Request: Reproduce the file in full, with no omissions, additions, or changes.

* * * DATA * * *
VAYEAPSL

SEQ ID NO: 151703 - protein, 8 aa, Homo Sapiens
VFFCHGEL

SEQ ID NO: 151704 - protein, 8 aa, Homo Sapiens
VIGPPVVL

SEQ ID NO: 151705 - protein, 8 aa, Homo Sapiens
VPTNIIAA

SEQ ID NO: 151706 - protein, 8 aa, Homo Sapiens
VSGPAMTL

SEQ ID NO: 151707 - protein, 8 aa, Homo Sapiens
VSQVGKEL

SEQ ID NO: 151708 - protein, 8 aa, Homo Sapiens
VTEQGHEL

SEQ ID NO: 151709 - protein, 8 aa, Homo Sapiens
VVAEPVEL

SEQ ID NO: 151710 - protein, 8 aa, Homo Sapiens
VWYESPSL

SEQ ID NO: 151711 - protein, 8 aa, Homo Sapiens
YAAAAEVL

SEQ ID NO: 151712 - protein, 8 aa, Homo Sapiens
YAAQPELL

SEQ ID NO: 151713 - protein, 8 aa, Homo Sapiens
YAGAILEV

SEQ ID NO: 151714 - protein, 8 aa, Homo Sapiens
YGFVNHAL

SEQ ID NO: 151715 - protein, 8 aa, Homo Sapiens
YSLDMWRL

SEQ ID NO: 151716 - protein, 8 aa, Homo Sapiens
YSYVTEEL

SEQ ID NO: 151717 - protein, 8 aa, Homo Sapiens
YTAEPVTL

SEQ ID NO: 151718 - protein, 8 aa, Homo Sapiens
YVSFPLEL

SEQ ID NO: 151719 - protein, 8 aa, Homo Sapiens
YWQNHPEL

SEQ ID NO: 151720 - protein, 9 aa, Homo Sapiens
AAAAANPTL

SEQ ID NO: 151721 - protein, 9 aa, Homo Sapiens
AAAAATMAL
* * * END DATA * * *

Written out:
VAYEAPSL

SEQ ID NO: 151703 - protein, 8 aa, Homo Sapiens
VFFCHGEL

SEQ ID NO: 151704 - protein, 8 aa, Homo Sapiens
VIGPPVVL

SEQ ID NO: 151705 - protein, 8 aa, Homo Sapiens
VPTNIIAA

SEQ ID NO: 151706 - protein, 8 aa, Homo Sapiens
VSGPAMTL

SEQ ID NO: 151707 - protein, 8 aa, Homo Sapiens
VSQVGKEL

SEQ ID NO: 151708 - protein, 8 aa, Homo Sapiens
VTEQGHEL

SEQ ID NO: 151709 - protein, 8 aa, Homo Sapiens
VVAEPVEL

SEQ ID NO: 151710 - protein, 8 aa, Homo Sapiens
VWYESPSL

SEQ ID NO: 151711 - protein, 8 aa, Homo Sapiens
YAAAAEVL

SEQ ID NO: 151712 - protein, 8 aa, Homo Sapiens
YAAQPELL

SEQ ID NO: 151713 - protein, 8 aa, Homo Sapiens
YAGAILEV

SEQ ID NO: 151714 - protein, 8 aa, Homo Sapiens
YGFVNHAL

SEQ ID NO: 151715 - protein, 8 aa, Homo Sapiens
YSLDMWRL

SEQ ID NO: 151716 - protein, 8 aa, Homo Sapiens
YSYVTEEL

SEQ ID NO: 151717 - protein, 8 aa, Homo Sapiens
YTAEPVTL

SEQ ID NO: 151718 - protein, 8 aa, Homo Sapiens
YVSFPLEL

SEQ ID NO: 151719 - protein, 8 aa, Homo Sapiens
YWQNHPEL

SEQ ID NO: 151720 - protein, 9 aa, Homo Sapiens
AAAAANPTL

SEQ ID NO: 151721 - protein, 9 aa, Homo Sapiens
AAAAATMAL